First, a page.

European powers blast Iran over new work on nuclear bomb fuel

Update European powers blast Iran over new work on nuclear bomb fuel
A technician works at the Uranium Conversion Facility just outside the city of Isfahan, Iran, 255 miles (410 kilometers) south of the capital Tehran. (File/AP)
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Updated 17 January 2021

European powers blast Iran over new work on nuclear bomb fuel

European powers blast Iran over new work on nuclear bomb fuel
  • The production of uranium metal has potentially grave military implications: Britain, France and Germany
  • Iran had signed up to a 15-year ban on "producing or acquiring plutonium or uranium metals or their alloys" under the JCPOA

JEDDAH/BERLIN: France, Britain and Germany warned Iran on Saturday against starting controversial work on uranium metal-based fuel for a nuclear reactor, which they said had no civilian purpose.

The three countries, signatories to the Joint Comprehensive Plan of Action, the 2015 deal to curb Iran’s nuclear program, said the work was a clear breach of that agreement.

The nuclear deal bans Iran for 15 years from producing or acquiring uranium metal, a material that can be used in the core of a nuclear bomb.

“We strongly encourage Iran to end this activity, and return to full compliance with its commitments under the Joint Comprehensive Plan of Action without delay, if it is serious about preserving this agreement,” they said.

The three European powers, who remain in the JCPOA with China and Russia, said they were “deeply concerned,” and that Iran’s production of uranium metal had no civilian credibility but potentially serious military implications.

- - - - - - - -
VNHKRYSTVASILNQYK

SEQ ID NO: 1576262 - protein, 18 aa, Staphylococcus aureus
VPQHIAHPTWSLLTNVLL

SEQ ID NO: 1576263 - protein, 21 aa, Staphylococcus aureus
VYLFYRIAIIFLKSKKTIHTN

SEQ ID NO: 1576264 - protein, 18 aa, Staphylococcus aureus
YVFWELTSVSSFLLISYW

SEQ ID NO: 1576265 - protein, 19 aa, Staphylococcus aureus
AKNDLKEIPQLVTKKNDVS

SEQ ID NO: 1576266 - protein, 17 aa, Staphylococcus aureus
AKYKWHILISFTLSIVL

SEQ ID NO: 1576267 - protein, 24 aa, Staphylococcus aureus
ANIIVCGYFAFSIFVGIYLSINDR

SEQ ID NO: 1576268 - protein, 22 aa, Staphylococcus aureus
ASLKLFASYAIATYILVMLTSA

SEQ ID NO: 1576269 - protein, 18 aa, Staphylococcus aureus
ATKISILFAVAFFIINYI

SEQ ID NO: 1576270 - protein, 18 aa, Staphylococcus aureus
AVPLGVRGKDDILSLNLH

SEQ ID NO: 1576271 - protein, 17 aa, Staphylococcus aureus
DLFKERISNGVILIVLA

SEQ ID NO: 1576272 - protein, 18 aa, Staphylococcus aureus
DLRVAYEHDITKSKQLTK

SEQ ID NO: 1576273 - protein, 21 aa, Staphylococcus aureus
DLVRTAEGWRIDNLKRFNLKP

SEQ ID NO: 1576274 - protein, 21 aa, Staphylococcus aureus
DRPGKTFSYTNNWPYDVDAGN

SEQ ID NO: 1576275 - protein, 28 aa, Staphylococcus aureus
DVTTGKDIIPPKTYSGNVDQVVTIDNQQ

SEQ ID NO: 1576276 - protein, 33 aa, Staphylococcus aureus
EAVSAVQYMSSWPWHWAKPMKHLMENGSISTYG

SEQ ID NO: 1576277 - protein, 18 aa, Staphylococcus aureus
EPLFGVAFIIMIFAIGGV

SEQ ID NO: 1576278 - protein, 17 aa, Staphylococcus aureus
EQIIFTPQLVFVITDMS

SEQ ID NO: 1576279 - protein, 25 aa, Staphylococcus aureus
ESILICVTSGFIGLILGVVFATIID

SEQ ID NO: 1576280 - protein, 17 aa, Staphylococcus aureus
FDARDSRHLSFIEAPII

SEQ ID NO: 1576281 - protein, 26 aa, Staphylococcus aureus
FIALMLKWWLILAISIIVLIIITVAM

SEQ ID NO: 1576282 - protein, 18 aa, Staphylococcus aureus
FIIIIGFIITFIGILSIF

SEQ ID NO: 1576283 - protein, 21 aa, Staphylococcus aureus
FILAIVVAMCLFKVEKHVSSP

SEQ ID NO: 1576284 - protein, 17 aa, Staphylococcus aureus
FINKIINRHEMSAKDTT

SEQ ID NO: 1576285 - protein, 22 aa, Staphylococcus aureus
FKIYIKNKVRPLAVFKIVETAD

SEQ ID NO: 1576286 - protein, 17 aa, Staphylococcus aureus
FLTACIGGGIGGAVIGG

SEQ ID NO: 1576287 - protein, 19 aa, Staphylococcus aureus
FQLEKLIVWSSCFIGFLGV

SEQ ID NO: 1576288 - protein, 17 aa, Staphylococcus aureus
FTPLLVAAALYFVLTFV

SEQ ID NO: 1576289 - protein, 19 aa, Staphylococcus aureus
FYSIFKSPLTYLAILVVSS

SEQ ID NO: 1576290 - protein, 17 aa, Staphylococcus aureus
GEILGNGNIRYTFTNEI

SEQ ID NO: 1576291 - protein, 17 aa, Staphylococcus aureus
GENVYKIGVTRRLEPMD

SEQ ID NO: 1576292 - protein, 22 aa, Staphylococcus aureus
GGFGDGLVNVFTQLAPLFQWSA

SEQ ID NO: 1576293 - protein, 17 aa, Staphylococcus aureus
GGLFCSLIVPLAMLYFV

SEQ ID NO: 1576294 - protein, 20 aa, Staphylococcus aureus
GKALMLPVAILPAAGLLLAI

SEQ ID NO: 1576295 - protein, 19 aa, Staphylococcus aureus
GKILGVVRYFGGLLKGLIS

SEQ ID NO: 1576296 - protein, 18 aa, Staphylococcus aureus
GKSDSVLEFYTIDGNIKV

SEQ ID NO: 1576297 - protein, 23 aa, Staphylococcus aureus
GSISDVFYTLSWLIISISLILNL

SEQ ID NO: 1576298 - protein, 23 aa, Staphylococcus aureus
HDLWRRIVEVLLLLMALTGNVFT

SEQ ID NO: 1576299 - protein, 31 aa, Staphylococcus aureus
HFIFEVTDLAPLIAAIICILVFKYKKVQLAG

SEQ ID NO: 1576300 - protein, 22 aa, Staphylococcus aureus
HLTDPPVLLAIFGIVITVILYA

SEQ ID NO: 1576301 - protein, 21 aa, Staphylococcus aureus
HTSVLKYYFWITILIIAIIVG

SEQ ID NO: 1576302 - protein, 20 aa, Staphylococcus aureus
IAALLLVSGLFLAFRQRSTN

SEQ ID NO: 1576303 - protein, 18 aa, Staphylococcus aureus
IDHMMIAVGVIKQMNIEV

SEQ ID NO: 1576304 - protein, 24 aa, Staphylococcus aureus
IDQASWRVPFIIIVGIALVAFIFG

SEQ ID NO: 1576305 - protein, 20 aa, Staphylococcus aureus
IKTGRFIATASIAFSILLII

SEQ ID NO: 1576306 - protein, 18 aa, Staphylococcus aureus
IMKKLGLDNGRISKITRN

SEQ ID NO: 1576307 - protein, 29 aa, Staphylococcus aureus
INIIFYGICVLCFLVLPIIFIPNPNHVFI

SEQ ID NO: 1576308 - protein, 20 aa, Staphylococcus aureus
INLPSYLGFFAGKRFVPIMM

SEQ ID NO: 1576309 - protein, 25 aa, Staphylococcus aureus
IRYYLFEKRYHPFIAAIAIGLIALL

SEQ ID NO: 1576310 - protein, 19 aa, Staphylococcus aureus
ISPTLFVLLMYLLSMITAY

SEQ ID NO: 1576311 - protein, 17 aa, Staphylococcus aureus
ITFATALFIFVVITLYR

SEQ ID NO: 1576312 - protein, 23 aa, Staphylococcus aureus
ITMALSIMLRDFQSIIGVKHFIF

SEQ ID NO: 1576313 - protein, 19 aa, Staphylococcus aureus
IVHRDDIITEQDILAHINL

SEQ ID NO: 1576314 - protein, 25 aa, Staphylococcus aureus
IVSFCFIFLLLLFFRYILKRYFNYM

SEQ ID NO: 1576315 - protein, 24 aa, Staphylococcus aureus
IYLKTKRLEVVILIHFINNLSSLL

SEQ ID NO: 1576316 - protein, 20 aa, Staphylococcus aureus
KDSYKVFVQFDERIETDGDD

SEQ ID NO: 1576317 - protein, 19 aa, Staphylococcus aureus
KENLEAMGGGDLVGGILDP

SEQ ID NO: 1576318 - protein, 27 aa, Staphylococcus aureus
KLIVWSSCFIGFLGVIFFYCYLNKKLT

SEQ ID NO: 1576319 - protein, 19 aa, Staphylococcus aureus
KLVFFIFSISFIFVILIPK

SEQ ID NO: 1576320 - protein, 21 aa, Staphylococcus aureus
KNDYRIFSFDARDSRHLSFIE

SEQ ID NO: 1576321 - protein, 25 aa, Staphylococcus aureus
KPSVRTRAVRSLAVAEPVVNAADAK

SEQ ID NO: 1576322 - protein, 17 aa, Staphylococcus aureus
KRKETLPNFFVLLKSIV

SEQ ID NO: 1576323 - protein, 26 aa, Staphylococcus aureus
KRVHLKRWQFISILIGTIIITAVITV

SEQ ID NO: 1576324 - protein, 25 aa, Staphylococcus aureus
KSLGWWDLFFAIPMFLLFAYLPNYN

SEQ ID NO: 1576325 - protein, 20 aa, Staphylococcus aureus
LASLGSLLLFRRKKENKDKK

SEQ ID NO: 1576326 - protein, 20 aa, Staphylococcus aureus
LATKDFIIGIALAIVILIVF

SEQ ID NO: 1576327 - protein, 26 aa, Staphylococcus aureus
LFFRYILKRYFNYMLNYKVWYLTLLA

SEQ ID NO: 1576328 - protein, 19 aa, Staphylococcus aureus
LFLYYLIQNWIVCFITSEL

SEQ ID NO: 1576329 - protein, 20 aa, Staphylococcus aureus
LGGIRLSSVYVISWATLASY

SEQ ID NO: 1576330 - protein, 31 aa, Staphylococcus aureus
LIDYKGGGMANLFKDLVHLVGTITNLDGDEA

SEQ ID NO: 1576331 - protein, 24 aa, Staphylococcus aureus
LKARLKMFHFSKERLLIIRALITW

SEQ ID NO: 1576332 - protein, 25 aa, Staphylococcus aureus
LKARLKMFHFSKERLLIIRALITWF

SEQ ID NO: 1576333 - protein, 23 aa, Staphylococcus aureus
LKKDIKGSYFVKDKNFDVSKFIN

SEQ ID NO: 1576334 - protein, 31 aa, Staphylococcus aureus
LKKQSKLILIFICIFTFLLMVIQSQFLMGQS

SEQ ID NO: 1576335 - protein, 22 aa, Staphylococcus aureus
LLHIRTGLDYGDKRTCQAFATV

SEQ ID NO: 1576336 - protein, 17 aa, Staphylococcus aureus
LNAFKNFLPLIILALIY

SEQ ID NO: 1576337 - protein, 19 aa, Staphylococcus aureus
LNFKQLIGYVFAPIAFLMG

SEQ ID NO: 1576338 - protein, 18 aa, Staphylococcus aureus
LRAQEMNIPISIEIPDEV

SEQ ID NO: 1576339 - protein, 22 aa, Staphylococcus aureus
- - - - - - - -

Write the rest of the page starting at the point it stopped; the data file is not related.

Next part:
Iran has been accelerating its breaches of the JCPOA in the past two months. Some of those steps were triggered by a law passed in response to the killing of its top nuclear scientist in November, widely attributed to Israel.

They are also part of a process of retaliation that Tehran started in 2019 in response to US President Donald Trump’s withdrawal from the deal and reimposition of sanctions that the United States had scrapped in exchange for restrictions on Iran’s nuclear activities.

The Iranian breaches raise pressure on Joe Biden ahead of his inauguration as US president on Wednesday. Biden has pledged to return the US to the deal if Iran first resumes full compliance. Iran wants Washington to lift sanctions first.

Tehran sent another message on Saturday to Biden and America’s allies in the Gulf when the Islamic Revolutionary Guard Corps test-fired long-range ballistic missiles from central Iran toward targets in the Indian Ocean at the end of a two-day military exercise.

The missiles of “various classes” targeted “the enemy’s battleships and destroyed them from 1,800 km away,” the IRGC claimed.

Iran’s armed forces chief of staff Major General Mohammad Bagheri watched the display of firepower, alongside IRGC chief Maj. Gen. Hossein Salami and aerospace commander Brigadier General Amirali Hajizadeh.

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“One of our major goals in defence policies and strategies is to be able to target enemy ships, including aircraft carriers and battleships, using long-range ballistic missiles,” Salami said.

Bagheri said the launch showed Iran was ready to respond to any “ill will” by its enemies, and warned that “they will be targeted and destroyed by our missiles.”

The exercises also featured a drone attack on a missile defense system and a barrage of “new generation”surface-to-surface ballistic missiles. They followed a naval exercise in the Gulf of Oman last week, and an army drone drill on Jan. 5-6.

(With Agencies)